Watch me go!

by Jacqueline Harding. Paying your toddler attention and joining in with them as they master new skills will really boost their confidence.

Baby reached up outdoors


There’s really nothing quite like the feeling of having achieved a new skill. Then, sharing it with someone else is the icing on the cake. To be honest, as adults we often feel the same when we finally manage something that was quite tricky – perhaps learning to drive (after a few failed attempts).

Toddlers feel that achieving something they have not previously managed needs to be shouted from the rooftops. Cries of 'Watch me! I can do it! Me do it!' can be heard from their lips at every opportunity.

But how can busy adults give them the attention they need? Isn't all that attention just spoiling them anyway?

How CBeebies can help

Toddlers are learning to move their bodies in increasingly challenging ways and acquiring new skills along the way – e.g. how to dance, skip, hop and jump. They love to watch other children and see how they do things, and then have a go at mastering it themselves.

So it’s not surprising that they love watching their favourite TV characters doing the same sort of things as them.

Why not watch an episode of Teletubbies with your child? The Teletubbies move around just like toddlers and try out new skills - just like toddlers. It’s amazing that just by watching their TV friends do these things, it seems to encourage little ones to want to do them too.

Or you could have a go at performing a Boogie Beebies dance routine together. Click through to the Song Time section on the Boogie Beebies pages on the CBeebies website and take your pick from lots of different themed songs. Go on, get up and have a shimmy along to the music!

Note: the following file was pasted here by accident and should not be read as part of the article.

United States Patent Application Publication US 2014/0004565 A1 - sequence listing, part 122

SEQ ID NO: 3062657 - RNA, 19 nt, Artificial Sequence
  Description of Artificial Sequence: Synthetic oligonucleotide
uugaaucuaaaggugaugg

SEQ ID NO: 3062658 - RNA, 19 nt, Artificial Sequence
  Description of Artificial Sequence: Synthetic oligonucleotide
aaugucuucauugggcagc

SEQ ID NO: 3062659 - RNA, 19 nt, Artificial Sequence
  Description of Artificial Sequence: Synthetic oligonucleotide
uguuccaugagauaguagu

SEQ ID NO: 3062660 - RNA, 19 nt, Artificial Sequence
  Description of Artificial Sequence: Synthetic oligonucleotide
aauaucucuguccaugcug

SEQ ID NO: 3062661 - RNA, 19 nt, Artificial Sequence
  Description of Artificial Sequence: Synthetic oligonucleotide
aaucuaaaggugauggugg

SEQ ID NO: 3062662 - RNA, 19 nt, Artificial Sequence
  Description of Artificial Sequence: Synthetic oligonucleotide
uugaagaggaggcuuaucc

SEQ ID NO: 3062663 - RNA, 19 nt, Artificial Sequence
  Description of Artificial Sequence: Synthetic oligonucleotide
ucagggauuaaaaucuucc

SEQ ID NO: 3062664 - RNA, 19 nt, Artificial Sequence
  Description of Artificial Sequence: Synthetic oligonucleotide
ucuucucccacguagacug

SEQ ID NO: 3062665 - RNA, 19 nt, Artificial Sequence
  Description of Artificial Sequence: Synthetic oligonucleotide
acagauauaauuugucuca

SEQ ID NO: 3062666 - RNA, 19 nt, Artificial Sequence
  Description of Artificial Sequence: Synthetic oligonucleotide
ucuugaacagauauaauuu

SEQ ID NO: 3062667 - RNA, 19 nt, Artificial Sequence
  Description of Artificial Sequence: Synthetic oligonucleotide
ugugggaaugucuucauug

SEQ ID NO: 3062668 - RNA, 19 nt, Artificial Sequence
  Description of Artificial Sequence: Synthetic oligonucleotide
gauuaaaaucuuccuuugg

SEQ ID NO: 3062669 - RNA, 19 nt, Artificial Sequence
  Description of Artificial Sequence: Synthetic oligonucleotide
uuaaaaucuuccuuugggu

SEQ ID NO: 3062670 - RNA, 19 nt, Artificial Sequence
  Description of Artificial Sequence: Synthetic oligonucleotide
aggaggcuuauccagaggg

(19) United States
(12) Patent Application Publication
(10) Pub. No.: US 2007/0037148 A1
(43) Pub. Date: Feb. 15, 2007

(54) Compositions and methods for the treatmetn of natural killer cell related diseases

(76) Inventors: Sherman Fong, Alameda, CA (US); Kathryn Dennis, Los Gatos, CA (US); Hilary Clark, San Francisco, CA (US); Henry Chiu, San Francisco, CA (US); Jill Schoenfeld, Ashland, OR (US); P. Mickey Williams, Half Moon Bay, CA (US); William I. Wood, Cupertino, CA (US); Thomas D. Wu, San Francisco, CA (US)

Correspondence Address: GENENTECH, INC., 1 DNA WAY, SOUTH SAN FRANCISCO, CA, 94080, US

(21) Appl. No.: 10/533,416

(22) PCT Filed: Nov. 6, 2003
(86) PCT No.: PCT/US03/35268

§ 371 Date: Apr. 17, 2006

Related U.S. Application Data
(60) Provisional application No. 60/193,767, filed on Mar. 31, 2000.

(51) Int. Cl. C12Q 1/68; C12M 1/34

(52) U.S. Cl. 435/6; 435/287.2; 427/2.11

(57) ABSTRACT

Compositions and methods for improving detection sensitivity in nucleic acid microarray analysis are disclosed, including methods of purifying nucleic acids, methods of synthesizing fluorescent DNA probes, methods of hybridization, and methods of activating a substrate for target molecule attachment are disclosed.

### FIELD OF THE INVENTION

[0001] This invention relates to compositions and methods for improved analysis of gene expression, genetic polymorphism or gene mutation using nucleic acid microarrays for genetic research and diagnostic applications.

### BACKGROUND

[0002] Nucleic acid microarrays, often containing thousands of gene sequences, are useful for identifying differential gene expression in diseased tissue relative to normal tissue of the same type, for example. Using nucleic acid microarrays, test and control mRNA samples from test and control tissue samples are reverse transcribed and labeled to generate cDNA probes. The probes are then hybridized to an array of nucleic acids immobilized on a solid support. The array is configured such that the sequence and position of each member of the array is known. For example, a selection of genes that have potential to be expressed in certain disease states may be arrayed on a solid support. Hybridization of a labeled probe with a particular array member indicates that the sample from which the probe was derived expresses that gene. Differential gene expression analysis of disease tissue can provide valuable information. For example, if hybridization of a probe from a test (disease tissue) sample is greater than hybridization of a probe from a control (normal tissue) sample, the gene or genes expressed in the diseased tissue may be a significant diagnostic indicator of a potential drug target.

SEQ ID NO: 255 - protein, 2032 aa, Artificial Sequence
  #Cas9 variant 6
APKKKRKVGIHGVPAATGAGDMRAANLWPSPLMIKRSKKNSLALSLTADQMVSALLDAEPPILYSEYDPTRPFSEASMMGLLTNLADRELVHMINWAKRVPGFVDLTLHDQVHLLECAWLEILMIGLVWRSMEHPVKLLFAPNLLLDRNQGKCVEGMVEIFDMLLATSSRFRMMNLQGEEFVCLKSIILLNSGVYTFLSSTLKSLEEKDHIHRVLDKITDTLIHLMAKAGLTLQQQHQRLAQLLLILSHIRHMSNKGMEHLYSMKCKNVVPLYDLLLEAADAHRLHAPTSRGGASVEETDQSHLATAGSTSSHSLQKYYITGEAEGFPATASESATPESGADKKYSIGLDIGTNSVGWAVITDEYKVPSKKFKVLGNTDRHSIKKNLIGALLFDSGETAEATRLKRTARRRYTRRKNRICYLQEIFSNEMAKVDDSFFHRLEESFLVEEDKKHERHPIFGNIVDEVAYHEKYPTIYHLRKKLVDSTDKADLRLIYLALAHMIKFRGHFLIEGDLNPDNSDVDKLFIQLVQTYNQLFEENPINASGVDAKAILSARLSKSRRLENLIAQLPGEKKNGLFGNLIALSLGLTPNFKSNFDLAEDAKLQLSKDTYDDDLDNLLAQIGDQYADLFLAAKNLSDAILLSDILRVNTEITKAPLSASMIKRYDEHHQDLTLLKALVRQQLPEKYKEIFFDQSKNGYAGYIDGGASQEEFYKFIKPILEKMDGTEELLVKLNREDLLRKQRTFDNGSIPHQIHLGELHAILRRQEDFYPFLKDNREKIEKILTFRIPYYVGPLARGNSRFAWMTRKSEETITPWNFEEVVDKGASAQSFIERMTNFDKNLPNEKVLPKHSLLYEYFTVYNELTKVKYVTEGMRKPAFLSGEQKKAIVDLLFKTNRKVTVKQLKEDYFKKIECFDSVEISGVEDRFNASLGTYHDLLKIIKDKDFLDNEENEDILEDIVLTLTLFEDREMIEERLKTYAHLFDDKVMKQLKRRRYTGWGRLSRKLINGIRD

How to make a magic moment

Little ones seem to grow in self-esteem and confidence before our very eyes when they get that longed-for attention from the people that love them.

Obviously parents and carers can’t spend all day giving their toddler the attention they need. So, those short moments when we can give them our undivided attention is when the magic can happen.

The secret is in the eye contact. Making direct eye contact and praising them - by saying things like 'I think you are amazing! Aren’t you clever!' - can work wonders.

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Top tips

  • Try joining in when your child is showing you a dance movement or
  • imitating a character’s movement on TV. Introduce your child to TV shows that encourage movement/a physical reaction.
  • Good examples are shows like Teletubbies, Lazytown and Boogie Beebies. Set aside time with your child to play games that encourage movement
  • and coordination – e.g. ‘Simon says’. As often as you can, try to compliment your child when they ask you to
  • ‘look at’ or ‘watch’ a specific movement they are doing. This will really boost
  • their confidence.

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